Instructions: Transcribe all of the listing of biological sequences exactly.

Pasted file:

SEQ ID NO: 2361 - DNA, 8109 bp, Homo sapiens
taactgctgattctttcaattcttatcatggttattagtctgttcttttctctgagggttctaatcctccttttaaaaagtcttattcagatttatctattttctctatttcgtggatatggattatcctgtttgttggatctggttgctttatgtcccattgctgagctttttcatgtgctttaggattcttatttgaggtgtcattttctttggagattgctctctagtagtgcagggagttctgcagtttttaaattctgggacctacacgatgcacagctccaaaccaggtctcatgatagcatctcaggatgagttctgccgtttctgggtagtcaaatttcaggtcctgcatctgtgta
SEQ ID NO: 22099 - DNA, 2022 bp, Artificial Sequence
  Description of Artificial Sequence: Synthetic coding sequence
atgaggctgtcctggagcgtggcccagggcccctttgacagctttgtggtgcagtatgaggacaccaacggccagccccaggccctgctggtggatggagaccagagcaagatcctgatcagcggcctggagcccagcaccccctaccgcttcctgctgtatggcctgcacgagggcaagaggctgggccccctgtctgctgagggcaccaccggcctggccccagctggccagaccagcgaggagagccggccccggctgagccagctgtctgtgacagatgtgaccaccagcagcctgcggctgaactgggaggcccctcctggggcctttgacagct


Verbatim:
SEQ ID NO: 2361 - DNA, 8109 bp, Homo sapiens
taactgctgattctttcaattcttatcatggttattagtctgttcttttctctgagggttctaatcctccttttaaaaagtcttattcagatttatctattttctctatttcgtggatatggattatcctgtttgttggatctggttgctttatgtcccattgctgagctttttcatgtgctttaggattcttatttgaggtgtcattttctttggagattgctctctagtagtgcagggagttctgcagtttttaaattctgggacctacacgatgcacagctccaaaccaggtctcatgatagcatctcaggatgagttctgccgtttctgggtagtcaaatttcaggtcctgcatctgtgta
SEQ ID NO: 22099 - DNA, 2022 bp, Artificial Sequence
  Description of Artificial Sequence: Synthetic coding sequence
atgaggctgtcctggagcgtggcccagggcccctttgacagctttgtggtgcagtatgaggacaccaacggccagccccaggccctgctggtggatggagaccagagcaagatcctgatcagcggcctggagcccagcaccccctaccgcttcctgctgtatggcctgcacgagggcaagaggctgggccccctgtctgctgagggcaccaccggcctggccccagctggccagaccagcgaggagagccggccccggctgagccagctgtctgtgacagatgtgaccaccagcagcctgcggctgaactgggaggcccctcctggggcctttgacagct